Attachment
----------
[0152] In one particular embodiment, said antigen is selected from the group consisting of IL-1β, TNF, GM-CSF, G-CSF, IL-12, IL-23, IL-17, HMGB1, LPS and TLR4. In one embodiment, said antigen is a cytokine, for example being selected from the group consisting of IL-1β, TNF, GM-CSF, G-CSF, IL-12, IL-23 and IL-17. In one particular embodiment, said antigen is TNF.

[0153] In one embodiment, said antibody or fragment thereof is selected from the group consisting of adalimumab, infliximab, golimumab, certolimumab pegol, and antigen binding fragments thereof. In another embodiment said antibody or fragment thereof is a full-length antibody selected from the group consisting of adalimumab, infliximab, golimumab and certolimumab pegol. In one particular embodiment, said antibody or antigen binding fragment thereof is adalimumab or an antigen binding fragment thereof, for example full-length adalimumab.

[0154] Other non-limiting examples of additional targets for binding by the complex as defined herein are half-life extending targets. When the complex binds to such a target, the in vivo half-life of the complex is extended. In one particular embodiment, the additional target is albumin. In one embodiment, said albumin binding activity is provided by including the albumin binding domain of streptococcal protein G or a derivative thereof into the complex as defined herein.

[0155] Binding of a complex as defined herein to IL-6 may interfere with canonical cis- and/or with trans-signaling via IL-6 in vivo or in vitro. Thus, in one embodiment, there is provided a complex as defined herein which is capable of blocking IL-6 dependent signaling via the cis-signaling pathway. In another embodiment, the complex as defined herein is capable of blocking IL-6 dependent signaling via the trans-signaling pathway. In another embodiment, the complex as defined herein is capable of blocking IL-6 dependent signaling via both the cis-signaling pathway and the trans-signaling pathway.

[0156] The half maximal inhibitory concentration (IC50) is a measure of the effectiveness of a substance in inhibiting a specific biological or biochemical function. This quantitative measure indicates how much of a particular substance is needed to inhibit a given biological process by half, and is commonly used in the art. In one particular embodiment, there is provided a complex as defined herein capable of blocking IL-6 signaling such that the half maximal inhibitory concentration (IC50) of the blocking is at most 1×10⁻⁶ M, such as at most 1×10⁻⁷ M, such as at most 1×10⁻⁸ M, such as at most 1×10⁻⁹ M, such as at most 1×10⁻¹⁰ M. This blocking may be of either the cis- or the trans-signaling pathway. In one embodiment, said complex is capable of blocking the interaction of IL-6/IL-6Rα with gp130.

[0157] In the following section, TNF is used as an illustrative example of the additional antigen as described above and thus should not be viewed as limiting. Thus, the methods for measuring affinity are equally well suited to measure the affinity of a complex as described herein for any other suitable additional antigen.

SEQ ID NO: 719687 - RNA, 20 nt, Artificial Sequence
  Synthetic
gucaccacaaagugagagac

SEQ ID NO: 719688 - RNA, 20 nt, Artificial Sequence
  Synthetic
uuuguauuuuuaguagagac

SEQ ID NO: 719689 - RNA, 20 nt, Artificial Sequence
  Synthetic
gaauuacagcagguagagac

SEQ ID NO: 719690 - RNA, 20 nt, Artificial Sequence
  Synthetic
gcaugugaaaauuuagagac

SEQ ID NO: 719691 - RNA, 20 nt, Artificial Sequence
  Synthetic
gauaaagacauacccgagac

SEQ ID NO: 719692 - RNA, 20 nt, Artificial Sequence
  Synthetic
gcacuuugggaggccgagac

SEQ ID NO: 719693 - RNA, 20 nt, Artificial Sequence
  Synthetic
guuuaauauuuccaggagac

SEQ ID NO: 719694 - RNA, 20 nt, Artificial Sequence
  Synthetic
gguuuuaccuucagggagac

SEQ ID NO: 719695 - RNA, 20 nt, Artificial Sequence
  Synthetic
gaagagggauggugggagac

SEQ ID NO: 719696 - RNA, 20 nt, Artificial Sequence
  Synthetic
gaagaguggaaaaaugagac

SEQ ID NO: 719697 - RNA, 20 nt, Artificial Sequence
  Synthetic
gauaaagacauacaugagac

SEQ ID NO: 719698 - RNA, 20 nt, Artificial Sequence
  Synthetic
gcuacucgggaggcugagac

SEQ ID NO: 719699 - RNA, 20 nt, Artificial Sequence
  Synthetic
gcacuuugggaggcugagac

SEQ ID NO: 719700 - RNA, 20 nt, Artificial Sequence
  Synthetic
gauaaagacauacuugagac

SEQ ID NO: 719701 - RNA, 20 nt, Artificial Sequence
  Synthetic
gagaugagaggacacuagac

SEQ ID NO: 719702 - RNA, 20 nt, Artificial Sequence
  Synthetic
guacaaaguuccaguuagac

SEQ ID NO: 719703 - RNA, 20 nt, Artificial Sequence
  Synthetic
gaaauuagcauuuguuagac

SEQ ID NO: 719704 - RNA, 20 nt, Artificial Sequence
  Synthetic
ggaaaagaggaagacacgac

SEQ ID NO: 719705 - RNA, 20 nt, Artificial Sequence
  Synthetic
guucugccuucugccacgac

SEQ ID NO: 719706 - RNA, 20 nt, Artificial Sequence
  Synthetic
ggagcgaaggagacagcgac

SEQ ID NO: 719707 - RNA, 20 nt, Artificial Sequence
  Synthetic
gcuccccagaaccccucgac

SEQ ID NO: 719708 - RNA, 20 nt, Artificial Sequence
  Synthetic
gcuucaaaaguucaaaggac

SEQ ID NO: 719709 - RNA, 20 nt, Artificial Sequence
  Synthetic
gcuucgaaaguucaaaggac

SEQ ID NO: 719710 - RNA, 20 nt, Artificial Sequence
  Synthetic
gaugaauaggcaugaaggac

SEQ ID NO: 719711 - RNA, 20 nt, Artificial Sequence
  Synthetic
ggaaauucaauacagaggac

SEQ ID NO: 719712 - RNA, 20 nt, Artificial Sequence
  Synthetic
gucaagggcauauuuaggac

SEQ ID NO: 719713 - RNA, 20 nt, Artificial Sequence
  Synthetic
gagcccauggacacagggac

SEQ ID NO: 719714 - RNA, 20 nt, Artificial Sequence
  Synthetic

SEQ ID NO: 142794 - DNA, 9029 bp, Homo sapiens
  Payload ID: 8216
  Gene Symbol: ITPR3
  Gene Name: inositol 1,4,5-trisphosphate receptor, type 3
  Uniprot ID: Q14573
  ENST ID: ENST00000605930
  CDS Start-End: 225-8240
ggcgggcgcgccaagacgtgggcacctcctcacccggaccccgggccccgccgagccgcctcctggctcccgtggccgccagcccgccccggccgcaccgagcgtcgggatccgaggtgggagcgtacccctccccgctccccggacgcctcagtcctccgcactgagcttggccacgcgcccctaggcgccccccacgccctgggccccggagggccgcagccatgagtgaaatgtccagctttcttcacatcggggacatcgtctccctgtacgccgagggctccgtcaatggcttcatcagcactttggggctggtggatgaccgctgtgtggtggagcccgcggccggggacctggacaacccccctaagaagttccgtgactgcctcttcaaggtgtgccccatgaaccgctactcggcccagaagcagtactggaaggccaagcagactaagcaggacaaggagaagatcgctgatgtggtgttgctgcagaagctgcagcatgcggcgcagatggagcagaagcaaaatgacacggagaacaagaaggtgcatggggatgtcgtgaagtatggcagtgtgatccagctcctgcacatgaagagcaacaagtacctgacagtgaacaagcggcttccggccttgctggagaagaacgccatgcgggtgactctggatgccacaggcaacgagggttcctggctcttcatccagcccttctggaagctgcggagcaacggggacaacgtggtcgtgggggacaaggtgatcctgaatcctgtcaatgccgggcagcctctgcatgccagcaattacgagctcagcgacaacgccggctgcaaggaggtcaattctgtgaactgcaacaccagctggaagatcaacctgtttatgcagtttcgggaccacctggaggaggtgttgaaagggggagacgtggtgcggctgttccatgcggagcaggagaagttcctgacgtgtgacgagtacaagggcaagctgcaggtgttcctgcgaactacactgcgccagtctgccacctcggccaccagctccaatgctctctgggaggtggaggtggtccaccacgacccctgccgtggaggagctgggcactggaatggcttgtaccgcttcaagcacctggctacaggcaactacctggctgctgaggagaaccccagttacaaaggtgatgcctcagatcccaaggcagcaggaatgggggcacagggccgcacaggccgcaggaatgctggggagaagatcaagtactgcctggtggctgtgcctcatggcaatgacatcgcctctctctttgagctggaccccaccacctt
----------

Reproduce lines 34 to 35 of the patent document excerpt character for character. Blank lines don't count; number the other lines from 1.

SEQ ID NO: 719696 - RNA, 20 nt, Artificial Sequence
  Synthetic